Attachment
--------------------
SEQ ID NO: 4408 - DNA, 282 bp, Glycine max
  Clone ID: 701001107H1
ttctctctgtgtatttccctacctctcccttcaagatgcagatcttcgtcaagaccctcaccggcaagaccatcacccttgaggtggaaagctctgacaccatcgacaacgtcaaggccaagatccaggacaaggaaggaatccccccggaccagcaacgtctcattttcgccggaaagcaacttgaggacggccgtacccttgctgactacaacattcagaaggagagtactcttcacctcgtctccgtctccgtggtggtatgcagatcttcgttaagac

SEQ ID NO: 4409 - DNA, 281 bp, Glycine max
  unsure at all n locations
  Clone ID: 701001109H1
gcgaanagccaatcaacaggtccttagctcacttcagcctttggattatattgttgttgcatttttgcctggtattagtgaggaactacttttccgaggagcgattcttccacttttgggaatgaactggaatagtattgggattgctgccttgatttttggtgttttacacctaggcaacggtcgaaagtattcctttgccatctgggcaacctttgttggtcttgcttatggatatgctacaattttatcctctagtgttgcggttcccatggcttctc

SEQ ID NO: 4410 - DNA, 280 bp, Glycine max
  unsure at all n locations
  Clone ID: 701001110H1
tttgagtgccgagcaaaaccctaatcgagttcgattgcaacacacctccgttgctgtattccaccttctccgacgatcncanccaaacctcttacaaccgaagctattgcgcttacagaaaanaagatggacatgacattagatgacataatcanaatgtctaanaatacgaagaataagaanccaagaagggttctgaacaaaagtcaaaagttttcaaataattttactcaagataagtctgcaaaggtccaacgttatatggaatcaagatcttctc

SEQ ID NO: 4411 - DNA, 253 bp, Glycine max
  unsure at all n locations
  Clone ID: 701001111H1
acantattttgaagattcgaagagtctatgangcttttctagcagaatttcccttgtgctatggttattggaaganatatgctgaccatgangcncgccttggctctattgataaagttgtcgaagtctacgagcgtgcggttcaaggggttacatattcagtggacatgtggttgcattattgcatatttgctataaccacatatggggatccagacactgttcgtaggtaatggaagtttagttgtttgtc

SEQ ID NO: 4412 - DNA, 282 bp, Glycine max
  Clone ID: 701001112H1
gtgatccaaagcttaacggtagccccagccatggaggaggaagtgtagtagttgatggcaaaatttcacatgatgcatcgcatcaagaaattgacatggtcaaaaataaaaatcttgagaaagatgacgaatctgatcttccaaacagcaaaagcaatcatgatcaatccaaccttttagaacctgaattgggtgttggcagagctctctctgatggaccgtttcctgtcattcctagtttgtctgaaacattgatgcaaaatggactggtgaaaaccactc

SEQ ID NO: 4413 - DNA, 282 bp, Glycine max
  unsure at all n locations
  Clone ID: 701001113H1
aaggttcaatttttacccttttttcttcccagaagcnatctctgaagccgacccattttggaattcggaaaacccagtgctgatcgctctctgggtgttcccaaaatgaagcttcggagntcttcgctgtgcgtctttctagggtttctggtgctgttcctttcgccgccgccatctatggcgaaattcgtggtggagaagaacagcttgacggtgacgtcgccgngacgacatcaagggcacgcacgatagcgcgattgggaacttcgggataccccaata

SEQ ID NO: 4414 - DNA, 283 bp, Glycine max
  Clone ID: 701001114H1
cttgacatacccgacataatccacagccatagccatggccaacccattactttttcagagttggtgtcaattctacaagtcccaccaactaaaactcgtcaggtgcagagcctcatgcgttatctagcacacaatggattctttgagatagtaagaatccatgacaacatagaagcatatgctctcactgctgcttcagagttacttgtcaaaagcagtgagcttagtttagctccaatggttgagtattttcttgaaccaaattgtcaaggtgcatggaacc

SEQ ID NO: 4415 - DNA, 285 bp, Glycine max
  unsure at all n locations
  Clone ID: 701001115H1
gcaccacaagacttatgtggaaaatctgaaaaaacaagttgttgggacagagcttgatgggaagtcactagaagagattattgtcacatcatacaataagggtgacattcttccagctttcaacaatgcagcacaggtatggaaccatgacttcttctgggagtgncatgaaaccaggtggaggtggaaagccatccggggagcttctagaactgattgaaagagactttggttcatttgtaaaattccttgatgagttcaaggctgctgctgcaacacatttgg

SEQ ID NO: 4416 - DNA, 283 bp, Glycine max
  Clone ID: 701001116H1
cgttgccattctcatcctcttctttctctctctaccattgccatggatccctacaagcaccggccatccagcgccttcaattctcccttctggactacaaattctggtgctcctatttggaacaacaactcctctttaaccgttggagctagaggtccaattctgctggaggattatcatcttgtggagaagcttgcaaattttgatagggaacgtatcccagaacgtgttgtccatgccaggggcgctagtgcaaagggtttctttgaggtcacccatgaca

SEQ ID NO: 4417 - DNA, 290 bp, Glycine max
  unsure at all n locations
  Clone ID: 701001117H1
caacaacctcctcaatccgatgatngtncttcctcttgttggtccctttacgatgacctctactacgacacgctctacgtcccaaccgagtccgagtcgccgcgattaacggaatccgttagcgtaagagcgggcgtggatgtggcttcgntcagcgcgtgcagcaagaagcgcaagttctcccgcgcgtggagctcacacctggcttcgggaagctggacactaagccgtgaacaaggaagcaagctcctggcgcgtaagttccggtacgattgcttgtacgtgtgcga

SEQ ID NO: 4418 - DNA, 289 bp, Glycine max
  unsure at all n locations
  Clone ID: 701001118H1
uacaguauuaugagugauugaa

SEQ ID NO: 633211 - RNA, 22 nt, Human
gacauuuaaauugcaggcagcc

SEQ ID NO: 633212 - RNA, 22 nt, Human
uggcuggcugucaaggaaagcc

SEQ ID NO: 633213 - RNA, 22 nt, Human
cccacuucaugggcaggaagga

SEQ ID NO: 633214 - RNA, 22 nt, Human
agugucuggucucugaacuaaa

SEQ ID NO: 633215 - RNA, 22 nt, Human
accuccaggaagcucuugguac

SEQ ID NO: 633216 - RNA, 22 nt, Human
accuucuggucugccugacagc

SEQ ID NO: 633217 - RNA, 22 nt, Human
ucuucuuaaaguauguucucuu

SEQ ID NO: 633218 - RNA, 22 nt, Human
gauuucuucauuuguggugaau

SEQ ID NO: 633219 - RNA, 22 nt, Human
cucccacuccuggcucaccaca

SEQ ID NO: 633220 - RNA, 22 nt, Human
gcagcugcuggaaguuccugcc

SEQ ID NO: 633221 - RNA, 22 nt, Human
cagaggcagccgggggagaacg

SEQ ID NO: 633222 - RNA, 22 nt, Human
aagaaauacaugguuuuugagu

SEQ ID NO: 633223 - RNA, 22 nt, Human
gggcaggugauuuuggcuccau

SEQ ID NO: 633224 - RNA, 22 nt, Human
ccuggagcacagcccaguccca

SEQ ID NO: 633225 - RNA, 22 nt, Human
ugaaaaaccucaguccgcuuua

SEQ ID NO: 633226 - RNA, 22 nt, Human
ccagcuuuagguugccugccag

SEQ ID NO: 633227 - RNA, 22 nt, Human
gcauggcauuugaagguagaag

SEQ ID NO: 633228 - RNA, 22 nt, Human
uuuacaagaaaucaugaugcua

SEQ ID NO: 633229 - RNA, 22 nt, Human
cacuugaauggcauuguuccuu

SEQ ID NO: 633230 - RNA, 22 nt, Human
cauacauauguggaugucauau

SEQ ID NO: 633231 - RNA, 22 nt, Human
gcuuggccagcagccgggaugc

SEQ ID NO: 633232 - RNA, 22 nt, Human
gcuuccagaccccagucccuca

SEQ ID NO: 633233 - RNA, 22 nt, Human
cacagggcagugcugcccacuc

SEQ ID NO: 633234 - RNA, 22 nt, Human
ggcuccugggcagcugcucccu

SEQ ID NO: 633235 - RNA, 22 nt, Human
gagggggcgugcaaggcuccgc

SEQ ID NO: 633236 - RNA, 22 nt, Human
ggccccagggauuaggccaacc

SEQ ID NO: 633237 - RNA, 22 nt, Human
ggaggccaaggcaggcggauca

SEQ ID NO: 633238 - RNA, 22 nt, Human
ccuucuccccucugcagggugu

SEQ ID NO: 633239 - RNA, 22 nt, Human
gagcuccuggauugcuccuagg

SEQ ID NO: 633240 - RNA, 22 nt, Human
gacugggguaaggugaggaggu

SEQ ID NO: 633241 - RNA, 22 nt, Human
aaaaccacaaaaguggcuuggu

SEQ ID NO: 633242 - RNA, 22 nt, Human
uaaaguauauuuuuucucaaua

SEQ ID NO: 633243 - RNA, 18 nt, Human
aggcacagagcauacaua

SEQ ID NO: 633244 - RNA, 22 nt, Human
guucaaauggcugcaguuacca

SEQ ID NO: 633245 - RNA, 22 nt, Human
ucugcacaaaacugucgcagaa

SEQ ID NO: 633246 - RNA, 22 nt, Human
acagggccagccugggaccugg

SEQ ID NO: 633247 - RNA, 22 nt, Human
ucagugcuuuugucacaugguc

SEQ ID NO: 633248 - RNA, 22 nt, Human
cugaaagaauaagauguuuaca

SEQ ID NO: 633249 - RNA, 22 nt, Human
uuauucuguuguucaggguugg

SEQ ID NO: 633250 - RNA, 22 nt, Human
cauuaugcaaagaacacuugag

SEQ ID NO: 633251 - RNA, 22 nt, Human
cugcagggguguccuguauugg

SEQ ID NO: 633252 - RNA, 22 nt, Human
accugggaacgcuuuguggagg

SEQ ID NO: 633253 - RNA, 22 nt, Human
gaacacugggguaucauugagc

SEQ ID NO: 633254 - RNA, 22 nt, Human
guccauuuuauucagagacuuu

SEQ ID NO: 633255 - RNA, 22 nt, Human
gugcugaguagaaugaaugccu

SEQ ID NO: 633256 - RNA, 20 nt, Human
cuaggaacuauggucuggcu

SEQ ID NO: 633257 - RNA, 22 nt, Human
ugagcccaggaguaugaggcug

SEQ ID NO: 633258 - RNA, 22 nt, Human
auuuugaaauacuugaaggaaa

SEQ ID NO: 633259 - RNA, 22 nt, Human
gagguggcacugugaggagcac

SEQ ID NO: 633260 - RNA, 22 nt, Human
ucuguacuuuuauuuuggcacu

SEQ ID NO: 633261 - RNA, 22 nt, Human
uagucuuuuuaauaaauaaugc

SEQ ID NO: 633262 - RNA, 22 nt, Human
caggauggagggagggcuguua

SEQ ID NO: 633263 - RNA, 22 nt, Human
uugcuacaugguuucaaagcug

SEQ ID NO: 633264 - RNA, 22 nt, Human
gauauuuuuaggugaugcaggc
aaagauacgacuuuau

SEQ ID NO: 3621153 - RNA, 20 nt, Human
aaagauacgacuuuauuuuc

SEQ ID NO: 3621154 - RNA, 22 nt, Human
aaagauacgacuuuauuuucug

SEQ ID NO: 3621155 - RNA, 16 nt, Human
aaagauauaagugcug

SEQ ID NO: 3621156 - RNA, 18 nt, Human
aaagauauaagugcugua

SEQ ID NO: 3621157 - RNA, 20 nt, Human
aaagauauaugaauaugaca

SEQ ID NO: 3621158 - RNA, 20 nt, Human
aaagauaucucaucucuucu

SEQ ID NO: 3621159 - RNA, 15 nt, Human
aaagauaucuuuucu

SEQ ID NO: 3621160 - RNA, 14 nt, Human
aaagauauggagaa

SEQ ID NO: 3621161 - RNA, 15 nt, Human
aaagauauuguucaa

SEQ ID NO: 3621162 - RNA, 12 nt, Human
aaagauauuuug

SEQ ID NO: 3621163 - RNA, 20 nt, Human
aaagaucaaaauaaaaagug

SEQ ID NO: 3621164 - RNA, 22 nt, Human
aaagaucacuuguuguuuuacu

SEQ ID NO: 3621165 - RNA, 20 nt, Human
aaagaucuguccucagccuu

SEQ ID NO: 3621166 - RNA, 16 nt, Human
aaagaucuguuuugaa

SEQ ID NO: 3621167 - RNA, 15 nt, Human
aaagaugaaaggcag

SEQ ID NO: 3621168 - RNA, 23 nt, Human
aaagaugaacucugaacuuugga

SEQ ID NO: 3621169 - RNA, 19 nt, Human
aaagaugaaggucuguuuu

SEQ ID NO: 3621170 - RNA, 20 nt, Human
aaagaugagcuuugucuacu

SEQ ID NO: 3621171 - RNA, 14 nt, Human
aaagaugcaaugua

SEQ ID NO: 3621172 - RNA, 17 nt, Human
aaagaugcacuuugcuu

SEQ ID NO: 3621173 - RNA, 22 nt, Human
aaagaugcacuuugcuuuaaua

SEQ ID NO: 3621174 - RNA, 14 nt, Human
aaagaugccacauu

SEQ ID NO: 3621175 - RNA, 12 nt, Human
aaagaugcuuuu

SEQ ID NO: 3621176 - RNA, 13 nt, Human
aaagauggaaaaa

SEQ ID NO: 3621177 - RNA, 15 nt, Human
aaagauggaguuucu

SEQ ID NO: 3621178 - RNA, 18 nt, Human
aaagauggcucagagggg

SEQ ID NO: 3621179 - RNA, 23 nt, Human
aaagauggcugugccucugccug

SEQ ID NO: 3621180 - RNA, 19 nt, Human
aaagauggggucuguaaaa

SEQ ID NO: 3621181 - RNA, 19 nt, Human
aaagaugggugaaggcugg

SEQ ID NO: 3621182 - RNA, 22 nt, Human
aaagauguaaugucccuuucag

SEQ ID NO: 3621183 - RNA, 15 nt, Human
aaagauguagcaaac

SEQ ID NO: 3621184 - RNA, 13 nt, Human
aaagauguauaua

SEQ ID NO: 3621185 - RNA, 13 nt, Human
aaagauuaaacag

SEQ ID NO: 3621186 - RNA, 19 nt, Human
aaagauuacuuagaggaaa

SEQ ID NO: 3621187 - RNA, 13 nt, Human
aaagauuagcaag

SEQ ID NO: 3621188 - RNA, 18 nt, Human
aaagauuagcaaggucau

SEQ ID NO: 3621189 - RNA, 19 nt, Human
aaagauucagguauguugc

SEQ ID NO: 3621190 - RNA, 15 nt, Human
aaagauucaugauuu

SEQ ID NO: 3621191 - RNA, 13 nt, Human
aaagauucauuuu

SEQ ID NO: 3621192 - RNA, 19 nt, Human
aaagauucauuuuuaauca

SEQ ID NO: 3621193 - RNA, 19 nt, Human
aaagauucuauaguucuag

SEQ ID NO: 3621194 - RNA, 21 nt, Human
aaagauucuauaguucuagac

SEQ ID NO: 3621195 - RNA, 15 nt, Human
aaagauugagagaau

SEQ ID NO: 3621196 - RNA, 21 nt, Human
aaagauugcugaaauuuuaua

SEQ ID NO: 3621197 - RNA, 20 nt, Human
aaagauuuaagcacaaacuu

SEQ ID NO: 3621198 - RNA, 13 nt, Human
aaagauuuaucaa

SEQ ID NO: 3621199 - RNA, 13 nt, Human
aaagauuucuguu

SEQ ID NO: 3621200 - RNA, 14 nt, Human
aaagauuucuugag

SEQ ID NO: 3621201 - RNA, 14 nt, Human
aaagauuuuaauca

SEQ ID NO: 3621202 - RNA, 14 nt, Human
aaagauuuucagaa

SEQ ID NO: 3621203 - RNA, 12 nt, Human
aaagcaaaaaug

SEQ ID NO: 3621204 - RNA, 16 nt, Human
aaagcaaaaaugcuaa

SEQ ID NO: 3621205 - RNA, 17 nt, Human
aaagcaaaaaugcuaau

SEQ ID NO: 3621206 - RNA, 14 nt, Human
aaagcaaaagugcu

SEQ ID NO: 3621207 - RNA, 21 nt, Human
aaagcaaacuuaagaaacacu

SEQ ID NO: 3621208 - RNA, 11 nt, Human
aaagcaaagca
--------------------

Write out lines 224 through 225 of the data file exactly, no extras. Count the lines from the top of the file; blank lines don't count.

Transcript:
SEQ ID NO: 3621190 - RNA, 15 nt, Human
aaagauucaugauuu